January is a day shy of leaving. And yet this served as the first entry for this year. I realized that I actually started this journal on New Year’s Eve 2012 with a list of goals I desired to achieve before the year ended. I achieved some. Others remained as goals.
This very entry can be taken as a sign that my undiaried, unwritten—perhaps Facebooked—life replete with necessary and unnecessary busyness. Instead of dropping a line or two here, I targeted three essays published or written before January ends. I somehow accomplished them together with an essay bound for a competition. But the quality, which I obsessively desired, might have suffered.
I dropped a line here since I recently read Virginia Woolf’s take on diary keeping. —Excerpt from my diary entry (the rest might be embarrassing to share since it discussed self-humiliation, self-berating, self-defending.)
The wind and rain hushed the afternoon. But I was perfectly cocooned in Traveller’s Palm while breeze occasionally found its way through the open door.
Aside from the modest task I had to accomplish, I was primarily here to read and take a break from writing. Coming to Terra Manna is a valid reason to stay in the room and read with silly love songs playing on TV (yes, on TV! Cignal Cable can catch FM signals!).
I chanced across three highly readable writers from my pile: Francine Prose (I already forgot when and where I got it); Orhan Pamuk (I have a hard time crossing the second half!); and the amazing Chang-Rae Lee (a gift from P’s parents). December, except for Orhan Pamuk, was a month of trial and error, and so was January.
So I found my afternoons punctuated by the witty, funny, whimsical, quotable characters from Francine Prose’s The Peaceable Kingdom and my wee hours in the morning with Chang-Rae Lee’s The Surrendered while Mango slept on my chest. Ah, life!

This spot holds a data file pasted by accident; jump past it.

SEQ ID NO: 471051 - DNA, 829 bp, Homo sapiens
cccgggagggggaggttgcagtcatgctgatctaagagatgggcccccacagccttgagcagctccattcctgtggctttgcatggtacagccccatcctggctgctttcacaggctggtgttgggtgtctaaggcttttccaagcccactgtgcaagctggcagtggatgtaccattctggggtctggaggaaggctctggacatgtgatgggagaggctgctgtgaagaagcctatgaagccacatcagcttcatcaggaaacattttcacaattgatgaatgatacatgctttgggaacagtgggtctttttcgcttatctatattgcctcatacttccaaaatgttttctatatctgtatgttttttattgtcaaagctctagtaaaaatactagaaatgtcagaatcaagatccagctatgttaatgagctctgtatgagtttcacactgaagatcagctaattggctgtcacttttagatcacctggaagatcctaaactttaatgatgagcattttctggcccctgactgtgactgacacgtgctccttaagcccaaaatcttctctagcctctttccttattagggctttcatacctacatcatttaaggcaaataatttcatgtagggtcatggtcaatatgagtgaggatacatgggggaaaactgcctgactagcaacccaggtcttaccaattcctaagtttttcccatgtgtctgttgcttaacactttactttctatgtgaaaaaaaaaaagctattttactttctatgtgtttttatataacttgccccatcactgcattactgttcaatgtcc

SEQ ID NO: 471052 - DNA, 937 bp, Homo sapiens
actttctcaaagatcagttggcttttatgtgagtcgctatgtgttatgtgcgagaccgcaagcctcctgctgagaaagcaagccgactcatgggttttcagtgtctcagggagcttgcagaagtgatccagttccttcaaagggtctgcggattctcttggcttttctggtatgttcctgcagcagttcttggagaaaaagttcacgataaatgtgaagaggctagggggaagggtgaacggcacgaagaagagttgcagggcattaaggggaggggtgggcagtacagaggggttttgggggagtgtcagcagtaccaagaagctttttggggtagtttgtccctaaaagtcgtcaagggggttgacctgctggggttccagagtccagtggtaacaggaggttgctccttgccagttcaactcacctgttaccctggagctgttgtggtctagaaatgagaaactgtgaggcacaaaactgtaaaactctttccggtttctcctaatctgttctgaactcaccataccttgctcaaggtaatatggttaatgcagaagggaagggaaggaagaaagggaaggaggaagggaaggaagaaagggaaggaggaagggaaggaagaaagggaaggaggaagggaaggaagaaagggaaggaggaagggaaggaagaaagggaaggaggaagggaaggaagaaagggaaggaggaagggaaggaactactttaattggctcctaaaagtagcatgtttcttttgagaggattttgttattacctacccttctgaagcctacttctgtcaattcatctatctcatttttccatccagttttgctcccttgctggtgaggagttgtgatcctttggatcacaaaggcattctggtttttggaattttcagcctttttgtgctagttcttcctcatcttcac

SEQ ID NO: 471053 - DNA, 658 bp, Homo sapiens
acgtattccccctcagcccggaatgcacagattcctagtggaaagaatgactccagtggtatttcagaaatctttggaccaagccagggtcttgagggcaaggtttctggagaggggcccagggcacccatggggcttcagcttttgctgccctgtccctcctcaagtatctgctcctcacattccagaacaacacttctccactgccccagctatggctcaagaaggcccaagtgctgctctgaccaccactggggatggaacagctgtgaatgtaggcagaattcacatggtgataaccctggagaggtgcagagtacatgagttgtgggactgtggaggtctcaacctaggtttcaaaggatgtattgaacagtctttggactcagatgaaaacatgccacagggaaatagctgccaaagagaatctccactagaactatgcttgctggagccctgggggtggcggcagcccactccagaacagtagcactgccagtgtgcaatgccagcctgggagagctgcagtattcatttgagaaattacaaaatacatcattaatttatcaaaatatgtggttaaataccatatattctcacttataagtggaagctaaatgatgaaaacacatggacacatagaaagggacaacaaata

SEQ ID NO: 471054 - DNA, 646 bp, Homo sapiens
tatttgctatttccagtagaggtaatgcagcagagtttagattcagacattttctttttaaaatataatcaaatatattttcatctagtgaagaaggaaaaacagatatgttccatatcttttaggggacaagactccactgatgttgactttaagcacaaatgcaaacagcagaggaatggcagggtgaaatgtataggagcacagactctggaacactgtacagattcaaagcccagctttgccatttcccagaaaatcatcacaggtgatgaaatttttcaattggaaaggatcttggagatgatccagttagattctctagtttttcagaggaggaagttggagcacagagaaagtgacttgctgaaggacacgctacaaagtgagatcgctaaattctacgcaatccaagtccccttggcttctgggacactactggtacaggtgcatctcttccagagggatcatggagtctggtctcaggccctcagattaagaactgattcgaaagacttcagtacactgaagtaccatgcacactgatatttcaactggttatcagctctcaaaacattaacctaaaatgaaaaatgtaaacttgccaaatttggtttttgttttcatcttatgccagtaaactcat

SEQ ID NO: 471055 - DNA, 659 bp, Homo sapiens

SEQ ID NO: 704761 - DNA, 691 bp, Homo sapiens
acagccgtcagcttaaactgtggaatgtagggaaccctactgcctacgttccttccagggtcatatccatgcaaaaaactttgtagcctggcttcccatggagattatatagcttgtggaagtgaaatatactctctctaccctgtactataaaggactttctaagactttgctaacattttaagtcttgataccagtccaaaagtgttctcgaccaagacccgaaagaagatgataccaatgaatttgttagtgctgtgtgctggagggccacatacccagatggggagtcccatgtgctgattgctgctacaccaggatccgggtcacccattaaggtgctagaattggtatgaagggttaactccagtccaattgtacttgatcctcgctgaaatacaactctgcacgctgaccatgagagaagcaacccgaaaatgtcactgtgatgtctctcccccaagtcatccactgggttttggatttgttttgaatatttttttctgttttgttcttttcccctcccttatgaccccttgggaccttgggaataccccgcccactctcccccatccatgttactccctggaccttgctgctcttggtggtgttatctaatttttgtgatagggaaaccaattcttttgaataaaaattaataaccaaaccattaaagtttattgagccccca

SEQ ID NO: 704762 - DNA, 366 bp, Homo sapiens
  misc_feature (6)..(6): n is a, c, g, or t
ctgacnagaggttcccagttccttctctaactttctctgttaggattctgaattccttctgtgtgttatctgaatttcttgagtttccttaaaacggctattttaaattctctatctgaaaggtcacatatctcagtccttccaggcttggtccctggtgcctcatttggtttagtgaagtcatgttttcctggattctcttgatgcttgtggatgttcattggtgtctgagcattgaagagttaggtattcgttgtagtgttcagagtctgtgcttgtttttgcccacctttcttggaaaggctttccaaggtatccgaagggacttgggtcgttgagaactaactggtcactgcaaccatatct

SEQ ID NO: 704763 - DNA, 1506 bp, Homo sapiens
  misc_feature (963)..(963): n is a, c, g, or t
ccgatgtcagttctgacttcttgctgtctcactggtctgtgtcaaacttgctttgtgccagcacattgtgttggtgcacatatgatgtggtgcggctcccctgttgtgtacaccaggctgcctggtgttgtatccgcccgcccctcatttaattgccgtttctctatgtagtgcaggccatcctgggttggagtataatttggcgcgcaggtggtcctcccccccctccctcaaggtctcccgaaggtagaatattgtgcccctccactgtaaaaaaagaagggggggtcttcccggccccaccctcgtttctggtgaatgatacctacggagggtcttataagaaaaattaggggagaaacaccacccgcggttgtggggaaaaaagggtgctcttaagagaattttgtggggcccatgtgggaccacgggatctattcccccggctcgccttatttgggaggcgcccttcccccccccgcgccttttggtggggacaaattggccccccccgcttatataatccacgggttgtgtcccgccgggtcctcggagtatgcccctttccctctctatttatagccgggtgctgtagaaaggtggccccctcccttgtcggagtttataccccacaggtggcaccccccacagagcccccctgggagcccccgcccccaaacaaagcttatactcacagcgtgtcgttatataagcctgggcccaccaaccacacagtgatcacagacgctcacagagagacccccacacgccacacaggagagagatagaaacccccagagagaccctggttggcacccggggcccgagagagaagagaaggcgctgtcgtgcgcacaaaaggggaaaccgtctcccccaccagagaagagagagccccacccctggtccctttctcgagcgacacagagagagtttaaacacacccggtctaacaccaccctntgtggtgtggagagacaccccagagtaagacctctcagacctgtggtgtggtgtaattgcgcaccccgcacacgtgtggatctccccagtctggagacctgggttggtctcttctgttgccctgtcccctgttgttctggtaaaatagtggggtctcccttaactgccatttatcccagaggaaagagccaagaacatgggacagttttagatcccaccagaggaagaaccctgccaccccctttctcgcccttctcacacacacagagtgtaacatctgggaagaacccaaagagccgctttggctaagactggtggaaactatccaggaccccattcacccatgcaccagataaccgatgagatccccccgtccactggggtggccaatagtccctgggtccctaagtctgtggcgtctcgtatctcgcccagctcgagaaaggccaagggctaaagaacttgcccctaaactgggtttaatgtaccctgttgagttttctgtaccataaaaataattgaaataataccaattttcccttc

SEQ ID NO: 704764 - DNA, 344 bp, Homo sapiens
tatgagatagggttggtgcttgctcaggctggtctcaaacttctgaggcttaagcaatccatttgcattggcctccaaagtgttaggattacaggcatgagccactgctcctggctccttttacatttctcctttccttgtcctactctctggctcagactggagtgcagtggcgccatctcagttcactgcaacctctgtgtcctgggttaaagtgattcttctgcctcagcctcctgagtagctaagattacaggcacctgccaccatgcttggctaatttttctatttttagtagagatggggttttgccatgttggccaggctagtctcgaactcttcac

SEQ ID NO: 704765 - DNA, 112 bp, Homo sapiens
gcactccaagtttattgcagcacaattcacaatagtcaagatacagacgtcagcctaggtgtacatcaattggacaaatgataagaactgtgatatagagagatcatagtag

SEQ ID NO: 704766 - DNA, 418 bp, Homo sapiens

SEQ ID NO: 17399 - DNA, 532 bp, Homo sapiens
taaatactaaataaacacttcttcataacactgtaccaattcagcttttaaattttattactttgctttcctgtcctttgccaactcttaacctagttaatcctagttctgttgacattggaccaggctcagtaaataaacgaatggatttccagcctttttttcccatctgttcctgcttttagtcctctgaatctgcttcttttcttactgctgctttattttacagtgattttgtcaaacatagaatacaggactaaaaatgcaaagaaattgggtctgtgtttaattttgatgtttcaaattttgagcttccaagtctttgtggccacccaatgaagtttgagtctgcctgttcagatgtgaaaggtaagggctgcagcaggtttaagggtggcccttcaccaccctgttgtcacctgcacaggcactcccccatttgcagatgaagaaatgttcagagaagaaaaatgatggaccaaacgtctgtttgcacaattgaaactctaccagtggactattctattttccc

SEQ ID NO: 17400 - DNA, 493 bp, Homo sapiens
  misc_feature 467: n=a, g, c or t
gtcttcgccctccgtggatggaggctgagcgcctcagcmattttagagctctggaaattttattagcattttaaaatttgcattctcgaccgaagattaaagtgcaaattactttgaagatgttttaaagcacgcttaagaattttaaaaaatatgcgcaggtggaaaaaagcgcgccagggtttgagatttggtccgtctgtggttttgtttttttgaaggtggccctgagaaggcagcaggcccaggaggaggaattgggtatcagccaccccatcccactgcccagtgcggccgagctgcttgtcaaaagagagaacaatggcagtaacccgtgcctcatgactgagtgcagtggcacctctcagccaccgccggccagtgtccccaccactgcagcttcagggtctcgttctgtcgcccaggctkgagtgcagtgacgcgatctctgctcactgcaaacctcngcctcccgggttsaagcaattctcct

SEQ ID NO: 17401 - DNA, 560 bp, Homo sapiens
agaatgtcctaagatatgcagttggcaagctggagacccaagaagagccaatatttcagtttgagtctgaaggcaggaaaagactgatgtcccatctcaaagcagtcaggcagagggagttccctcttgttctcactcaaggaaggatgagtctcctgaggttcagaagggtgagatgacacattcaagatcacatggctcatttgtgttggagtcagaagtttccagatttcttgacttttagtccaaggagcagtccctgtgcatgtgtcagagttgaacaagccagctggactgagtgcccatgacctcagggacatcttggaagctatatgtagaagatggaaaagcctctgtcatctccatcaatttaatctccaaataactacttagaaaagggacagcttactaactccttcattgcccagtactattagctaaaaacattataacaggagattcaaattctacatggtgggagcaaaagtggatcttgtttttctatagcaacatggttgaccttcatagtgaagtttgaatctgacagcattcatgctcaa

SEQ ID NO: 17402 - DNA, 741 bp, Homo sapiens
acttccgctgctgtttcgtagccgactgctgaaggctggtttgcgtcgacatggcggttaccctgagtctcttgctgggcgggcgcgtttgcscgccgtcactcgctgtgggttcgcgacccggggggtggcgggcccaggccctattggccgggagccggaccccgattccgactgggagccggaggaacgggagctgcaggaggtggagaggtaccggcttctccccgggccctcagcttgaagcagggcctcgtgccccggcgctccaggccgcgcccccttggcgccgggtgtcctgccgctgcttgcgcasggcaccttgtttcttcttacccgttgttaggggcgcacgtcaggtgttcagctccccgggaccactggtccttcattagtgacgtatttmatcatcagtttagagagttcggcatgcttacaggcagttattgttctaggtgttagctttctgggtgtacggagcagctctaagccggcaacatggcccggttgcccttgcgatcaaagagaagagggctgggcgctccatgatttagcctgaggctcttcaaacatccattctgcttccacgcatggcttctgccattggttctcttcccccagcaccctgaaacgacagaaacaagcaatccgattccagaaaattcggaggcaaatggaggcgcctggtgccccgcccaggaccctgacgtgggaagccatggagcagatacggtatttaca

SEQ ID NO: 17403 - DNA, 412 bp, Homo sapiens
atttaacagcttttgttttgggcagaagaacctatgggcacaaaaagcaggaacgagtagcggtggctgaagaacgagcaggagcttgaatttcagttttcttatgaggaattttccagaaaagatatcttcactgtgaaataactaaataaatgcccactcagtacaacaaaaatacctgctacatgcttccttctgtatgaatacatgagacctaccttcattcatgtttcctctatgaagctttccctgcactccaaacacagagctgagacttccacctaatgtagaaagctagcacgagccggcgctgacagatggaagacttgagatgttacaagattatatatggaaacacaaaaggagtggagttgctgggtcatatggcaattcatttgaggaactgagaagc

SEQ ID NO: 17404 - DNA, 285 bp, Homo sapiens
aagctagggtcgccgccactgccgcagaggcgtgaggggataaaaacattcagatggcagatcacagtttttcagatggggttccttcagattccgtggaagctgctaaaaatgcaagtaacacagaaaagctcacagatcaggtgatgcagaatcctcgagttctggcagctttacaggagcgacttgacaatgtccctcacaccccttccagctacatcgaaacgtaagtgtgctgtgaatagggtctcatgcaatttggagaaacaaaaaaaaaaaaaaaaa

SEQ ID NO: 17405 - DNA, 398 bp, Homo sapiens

I’m grateful for the well-crafted, pensive dialogues and soliloquy, humor amid decadence, and surprising and truly wowing endings. But I might reread the last two stories. Perhaps Prose placed them last since they are the most difficult to read? Or perhaps I was in haste to finish the book since I already found the story that zestfully prompted me to narrate it to someone. Poorly so.
This is the first collection that I have ever finished. Finishing a short story collection is the kind of achievement that I desire an applause for myself. And I did, silently so.
And let me reserve Orhan Pamuk and Chang-Rae Lee for later. And, yes, let me expound and detail The Peaceable Kingdom later too.
January welcomed its last day with the morning sun licking the dews of yesterday’s rain—a good day to end the month. I took a walk at the private cove. I found the fence erected by the neighboring villa unsightly. It cut the beach in two.
A group of locals scoured the shore. I trailed a guy with a bucket and a machete who joined the rest by TM’s platform.
Terra Manna is nestled on a plateau overlooking the Tañon Strait with the distant Negros ranges teasing the sea and the horizon. Except for the accidental private cove, Terra Manna does not have a wide stretch of sandy shore, it has rather a rocky cliff.
Once the sea recedes, locals hounds the hunasan. I never thought that TM’s hunasan was rich in marine life. Sawaki’s spines come in different colors: pink, purple, white, and the common black. It was not as monstrous as I thought it was. Starfish in different nude colors.
The guy with a machete and another man stabbed the muddy and weedy shore incessantly, when the tip of the machete hit something hard, they dug it. Perhaps the act was ordinary for them, but I felt eurekaed when they dug out a huge cockle, which they called bug-atan. I weighed it in my left hand; indeed, it was heavy.
When I pried into the man’s bucket, it was filled with white bivalves, their mantles as tight as they should be.